Timothy R. Leary
Chief Financial Officer
Channel Distributing

 


 

Percutaneous hip pinning
set invented by Dr.  Steve
Imrie.  We built the
prototypes

1988

For: Dr. Stephen Imrie

Project Scope:
Build working proof of concept prototype for new medical tool set to be used in hip surgeries. Dr. Imrie, a leading surgeon in hip replacements, invented this tool set to enable him to perform less invasive hip surgeries. At the time, hip surgery required the patient to be "opened up" in such a manner that the patient suffered a great deal of post operative pain and had a long recovery period.

Results:
Riordanco worked with Dr. Imrie to improve his design and build a tool set which could be used in test operations. Two identical sets of the tools were produced. Dr. Imrie first used the tools in an operation on a cadaver to prove out the concept and then, after receiving the green light, began using the tool set in operations on live patients, reducing their trauma and speeding their recovery by 75%.

What our Client said:
"I just used the new tools on our first live patient and they worked exactly as advertised. Know that your contributions were significant. I would recommend your services to anyone needing help with their prototype development".
Dr. Stephen Imrie
Surgeon

 


 

1988
For: Qume Corporation and Harbor Electronics

Project Scope:
A supplier, a major cable manufacturer, had delivered a shipment of 20,000 computer printer cables to Qume Corp in San Jose, CA. The entire shipment of cables was subsequently rejected for "non-compliance with documentation". The Riordan Company was sent to determine the specific reason for rejection of the computer cables and to provide an immediate fix for the problem that had brought the production line to a halt.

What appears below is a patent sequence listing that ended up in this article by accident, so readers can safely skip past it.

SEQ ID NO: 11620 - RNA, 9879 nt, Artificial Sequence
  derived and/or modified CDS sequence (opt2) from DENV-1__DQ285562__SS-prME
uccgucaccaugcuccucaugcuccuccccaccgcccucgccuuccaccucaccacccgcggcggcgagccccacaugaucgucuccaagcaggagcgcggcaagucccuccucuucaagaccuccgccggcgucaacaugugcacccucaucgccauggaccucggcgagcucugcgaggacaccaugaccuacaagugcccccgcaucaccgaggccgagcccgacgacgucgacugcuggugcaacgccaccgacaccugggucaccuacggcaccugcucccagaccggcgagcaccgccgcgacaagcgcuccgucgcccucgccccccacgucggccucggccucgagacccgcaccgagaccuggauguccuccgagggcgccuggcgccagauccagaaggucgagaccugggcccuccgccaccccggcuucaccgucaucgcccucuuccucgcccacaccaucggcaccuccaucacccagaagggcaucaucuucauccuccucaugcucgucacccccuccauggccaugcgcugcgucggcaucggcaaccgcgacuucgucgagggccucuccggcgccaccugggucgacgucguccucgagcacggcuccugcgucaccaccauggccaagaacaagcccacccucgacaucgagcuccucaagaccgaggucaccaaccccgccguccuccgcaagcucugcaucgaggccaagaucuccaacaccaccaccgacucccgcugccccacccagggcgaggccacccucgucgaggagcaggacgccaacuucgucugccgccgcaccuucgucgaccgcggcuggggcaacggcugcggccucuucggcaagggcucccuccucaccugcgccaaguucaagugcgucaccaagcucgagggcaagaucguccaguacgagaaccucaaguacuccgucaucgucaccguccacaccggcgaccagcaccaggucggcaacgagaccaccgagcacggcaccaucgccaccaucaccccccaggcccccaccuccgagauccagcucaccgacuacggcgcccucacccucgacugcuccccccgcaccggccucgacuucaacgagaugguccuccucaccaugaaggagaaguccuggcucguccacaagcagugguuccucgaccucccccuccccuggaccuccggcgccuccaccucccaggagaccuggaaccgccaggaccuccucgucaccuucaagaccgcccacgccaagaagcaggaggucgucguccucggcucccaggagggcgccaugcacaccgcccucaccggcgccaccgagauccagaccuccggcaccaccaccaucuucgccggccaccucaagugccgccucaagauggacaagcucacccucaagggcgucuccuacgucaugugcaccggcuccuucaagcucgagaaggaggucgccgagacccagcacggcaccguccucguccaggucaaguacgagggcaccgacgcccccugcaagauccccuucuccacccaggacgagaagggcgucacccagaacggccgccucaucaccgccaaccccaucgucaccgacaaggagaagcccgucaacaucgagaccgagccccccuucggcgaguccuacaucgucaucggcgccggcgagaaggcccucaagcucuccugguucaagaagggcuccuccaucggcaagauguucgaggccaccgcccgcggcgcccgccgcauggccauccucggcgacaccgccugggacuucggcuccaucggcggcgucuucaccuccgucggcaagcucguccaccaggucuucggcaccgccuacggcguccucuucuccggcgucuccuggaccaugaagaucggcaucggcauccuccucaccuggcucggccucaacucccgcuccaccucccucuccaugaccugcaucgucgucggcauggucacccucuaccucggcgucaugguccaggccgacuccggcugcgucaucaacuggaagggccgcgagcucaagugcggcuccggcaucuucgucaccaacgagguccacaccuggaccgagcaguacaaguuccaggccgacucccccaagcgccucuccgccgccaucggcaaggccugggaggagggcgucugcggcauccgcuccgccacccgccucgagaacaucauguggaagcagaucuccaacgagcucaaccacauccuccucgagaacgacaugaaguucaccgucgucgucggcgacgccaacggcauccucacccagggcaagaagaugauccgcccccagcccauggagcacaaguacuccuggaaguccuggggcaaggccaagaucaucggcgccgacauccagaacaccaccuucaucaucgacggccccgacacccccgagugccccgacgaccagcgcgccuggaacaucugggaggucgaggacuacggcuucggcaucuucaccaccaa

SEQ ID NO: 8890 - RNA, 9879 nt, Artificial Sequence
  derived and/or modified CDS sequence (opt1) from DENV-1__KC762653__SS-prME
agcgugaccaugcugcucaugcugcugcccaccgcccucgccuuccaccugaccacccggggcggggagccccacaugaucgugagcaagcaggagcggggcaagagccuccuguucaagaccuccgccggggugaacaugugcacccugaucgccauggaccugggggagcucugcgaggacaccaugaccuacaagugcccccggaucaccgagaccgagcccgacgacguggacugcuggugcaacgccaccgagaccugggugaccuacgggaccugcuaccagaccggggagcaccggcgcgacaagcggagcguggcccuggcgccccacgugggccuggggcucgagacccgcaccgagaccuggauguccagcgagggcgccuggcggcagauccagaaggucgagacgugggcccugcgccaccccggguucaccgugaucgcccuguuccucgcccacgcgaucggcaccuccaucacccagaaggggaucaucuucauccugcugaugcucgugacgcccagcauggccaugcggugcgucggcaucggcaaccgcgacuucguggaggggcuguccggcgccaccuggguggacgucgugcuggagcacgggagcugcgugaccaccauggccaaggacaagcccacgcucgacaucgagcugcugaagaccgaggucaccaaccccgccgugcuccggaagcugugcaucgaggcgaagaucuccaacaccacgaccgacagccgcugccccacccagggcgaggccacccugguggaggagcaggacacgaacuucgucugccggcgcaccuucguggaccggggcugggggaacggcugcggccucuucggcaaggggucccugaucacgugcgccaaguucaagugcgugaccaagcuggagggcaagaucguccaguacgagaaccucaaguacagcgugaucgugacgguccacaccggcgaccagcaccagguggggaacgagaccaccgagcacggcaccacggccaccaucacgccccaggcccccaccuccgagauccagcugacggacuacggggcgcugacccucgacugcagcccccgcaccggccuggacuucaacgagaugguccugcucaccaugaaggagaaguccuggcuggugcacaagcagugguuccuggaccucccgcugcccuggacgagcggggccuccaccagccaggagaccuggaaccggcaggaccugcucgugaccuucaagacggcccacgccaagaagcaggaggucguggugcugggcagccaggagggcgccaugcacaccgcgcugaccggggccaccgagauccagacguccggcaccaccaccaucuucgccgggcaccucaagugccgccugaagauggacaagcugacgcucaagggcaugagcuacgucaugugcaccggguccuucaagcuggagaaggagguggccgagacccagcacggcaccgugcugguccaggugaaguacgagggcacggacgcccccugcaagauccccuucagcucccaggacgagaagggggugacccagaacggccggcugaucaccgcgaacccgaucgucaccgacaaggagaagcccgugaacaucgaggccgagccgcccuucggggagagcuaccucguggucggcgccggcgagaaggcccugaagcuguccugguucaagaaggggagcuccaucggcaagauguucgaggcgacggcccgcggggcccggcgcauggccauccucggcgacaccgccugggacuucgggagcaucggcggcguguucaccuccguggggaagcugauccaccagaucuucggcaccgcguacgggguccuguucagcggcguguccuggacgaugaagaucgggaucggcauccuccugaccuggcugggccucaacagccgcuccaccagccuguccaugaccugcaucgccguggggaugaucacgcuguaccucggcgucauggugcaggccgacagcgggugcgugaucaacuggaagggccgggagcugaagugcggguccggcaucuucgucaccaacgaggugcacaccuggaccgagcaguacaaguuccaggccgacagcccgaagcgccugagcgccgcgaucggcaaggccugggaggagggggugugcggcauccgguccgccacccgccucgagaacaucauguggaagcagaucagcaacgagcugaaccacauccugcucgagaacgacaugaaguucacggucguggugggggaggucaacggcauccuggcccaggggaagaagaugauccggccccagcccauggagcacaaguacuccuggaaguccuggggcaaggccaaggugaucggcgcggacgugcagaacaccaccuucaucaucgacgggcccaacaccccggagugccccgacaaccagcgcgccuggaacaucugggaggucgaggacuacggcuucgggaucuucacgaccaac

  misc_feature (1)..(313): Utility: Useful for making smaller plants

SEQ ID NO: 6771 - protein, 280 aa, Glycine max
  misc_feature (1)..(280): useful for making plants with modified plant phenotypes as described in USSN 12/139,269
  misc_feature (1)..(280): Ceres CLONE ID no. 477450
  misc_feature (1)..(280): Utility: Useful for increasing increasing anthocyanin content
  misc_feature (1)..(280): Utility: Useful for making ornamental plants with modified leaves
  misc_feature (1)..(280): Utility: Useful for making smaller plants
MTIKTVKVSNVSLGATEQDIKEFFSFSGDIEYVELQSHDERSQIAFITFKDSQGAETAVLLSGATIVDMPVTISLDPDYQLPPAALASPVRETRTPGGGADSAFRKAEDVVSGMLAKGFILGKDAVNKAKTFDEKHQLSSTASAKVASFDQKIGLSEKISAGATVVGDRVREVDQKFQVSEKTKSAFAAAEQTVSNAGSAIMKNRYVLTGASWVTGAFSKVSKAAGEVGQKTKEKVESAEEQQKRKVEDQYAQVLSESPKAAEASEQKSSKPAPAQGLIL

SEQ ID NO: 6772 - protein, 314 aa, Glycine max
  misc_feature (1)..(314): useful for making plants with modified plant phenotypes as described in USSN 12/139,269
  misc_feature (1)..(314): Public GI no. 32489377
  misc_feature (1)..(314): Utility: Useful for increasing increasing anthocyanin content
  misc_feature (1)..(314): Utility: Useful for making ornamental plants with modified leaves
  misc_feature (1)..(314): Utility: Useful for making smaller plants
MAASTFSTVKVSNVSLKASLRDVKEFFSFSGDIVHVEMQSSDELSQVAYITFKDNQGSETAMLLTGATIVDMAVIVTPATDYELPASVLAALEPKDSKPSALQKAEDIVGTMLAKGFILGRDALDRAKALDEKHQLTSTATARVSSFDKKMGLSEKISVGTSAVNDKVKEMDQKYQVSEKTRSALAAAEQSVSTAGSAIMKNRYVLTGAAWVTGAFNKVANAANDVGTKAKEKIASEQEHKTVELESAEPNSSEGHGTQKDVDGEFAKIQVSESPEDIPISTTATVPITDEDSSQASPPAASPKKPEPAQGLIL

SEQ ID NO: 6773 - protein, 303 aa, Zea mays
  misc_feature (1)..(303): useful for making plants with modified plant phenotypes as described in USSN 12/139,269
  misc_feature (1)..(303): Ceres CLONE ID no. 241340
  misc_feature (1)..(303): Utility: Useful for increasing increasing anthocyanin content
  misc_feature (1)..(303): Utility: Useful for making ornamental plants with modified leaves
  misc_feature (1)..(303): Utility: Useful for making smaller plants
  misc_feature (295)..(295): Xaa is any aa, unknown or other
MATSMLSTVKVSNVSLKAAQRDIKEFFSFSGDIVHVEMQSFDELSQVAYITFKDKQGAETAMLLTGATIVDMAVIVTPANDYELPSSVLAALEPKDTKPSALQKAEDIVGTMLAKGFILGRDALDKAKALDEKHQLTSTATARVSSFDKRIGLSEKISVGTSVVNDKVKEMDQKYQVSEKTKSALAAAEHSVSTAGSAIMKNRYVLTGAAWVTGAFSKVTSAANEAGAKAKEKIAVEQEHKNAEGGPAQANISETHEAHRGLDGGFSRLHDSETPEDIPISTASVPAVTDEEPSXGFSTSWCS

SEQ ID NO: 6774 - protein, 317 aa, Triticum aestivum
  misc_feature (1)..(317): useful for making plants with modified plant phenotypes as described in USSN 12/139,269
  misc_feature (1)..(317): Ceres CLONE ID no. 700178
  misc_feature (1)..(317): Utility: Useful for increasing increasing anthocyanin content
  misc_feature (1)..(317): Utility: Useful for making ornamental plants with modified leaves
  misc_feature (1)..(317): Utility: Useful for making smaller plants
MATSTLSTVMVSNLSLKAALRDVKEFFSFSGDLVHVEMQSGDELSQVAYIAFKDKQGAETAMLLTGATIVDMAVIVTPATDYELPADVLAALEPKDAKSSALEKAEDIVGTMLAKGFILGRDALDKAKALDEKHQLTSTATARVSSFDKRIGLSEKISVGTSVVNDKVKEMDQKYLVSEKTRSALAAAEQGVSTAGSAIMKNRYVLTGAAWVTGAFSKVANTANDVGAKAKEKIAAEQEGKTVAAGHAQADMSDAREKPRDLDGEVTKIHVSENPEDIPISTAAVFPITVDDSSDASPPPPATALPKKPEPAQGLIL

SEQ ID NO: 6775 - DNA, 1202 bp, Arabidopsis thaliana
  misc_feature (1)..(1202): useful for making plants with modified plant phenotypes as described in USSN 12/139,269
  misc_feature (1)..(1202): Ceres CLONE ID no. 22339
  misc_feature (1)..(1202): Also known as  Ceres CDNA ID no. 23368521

Results:
Upon arrival at Qume, Jim Riordan reviewed the documentation upon which the rejection was based. In this documentation, certain wire ends were to be tinned and others were to be bare. Harbor had sent the cables correctly tinned, but Qume had failed to send Harbor the latest engineering change notice showing additional wires should be tinned. Qume acknowledged they had not sent Harbor the documentation. To resolve the situation, the Riordan Company took delivery of all 20,000 cables and our shop tinned the ends under contract with Qume. We gave them overnight turnaround on enough cables to get the production line running and then delivered the balance over the next two weeks. Within three weeks, all cables were returned to Qume and were accepted with no rejects.

What our client said:
"Jim,
"Thanks for a quick fix to a really big problem."
Mr. Dan Chittenden
Western Regional Manager
Qume Corp.

 


 

In 1989 we moved to our Cameron Park, California location, nestled in the history-rich California Gold Country, just minutes from the gold discovery site at Sutter's Sawmill in Coloma.

Not long after arrival, we knew we had found our idea of a great place to live. We built a new office and got right back to inventing and consulting to Corporations and other inventors along with doing expert witness work on alternative design in product liability lawsuits, work for the Superior Courts and the Feds, all of which we are still doing today.

 


 

1990
For: Esther Roberts, RN.

Project Scope:
Prepare design review of new cardiac device for possible improvements. Refine manufacturing procedures and develop marketing strategy.

Results: